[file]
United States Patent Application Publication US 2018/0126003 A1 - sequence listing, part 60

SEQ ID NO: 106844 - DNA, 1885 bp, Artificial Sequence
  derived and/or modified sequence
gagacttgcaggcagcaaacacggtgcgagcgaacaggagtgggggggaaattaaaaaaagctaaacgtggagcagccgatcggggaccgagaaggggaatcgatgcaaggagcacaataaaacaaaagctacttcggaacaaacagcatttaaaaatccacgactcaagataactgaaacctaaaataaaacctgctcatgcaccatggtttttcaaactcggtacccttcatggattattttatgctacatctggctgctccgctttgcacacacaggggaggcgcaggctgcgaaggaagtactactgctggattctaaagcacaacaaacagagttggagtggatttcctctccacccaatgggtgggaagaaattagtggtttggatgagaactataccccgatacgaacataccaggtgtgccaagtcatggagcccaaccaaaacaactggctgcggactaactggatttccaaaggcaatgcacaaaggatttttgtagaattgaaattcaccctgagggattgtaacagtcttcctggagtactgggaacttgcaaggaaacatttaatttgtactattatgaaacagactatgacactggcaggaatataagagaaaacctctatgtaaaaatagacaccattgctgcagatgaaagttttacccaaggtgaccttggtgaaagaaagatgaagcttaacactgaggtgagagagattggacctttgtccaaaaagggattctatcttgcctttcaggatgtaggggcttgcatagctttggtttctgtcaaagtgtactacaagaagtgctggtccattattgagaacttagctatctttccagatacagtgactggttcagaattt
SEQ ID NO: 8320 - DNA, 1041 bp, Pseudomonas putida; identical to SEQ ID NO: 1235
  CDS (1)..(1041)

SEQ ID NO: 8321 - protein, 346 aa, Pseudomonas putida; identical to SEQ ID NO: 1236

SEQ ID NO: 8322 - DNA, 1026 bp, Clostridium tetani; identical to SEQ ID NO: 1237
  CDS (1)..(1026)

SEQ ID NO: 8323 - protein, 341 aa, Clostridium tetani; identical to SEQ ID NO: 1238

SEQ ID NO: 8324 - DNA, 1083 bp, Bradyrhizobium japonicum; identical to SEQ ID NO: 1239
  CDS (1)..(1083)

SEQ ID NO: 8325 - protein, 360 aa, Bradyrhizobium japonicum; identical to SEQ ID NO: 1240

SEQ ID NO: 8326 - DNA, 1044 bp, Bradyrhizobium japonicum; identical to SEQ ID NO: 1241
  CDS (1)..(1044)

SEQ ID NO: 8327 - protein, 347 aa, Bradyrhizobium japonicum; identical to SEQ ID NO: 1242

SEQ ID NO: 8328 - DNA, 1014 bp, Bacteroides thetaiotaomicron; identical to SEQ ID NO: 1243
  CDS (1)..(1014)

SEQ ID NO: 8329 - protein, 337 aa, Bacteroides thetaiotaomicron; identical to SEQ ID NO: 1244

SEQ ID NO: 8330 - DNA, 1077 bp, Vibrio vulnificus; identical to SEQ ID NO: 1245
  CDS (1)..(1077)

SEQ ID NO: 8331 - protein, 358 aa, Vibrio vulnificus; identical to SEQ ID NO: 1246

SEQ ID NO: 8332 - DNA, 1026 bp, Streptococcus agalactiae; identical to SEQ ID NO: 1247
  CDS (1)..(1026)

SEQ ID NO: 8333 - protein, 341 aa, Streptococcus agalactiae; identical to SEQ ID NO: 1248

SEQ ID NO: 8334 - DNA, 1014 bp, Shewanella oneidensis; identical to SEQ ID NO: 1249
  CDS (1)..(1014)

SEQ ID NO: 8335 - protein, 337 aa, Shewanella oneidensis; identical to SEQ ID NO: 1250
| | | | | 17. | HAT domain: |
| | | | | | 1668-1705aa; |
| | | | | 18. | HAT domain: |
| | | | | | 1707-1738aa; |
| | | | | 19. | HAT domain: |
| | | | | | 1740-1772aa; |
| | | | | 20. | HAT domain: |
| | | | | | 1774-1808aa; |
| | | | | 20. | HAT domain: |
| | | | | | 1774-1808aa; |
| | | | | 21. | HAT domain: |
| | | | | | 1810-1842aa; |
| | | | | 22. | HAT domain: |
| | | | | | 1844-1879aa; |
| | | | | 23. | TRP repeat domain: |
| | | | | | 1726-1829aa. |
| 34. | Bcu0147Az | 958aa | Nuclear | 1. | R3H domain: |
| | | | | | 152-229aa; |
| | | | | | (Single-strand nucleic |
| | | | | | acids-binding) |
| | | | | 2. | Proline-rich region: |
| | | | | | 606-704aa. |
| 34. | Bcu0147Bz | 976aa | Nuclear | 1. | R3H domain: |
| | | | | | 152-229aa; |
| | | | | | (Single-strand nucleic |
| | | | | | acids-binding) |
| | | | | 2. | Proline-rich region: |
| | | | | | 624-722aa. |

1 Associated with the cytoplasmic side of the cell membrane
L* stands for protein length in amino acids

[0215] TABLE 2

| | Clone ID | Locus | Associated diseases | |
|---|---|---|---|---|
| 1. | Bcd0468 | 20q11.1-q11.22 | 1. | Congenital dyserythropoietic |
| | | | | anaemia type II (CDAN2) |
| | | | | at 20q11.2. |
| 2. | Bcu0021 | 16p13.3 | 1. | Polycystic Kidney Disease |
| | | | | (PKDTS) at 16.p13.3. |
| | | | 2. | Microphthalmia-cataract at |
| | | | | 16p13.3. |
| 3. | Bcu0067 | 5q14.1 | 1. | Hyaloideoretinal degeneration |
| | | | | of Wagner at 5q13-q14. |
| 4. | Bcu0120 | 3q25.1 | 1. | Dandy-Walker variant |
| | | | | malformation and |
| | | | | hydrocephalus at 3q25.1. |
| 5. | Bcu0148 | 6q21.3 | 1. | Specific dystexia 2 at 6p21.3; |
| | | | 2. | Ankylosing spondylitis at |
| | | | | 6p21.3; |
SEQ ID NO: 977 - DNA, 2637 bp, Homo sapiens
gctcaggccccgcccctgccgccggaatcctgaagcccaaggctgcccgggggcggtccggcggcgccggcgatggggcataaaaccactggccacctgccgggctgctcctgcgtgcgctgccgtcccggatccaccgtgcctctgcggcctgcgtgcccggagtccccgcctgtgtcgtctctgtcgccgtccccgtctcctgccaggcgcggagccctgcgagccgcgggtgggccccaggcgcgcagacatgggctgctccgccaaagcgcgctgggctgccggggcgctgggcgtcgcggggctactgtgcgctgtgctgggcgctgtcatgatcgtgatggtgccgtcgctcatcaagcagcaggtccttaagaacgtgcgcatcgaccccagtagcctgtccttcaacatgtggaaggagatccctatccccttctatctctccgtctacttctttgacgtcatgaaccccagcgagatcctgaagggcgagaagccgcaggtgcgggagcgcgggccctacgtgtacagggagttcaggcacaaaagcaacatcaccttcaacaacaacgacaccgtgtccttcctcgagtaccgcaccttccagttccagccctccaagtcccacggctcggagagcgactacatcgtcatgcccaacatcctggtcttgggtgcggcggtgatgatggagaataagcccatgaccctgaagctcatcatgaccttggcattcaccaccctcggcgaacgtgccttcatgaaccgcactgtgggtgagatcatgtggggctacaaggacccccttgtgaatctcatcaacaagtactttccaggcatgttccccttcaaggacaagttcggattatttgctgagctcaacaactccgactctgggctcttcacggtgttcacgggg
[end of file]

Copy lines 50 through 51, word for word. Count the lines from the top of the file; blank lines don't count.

| | | | | | 606-704aa. |
| 34. | Bcu0147Bz | 976aa | Nuclear | 1. | R3H domain: |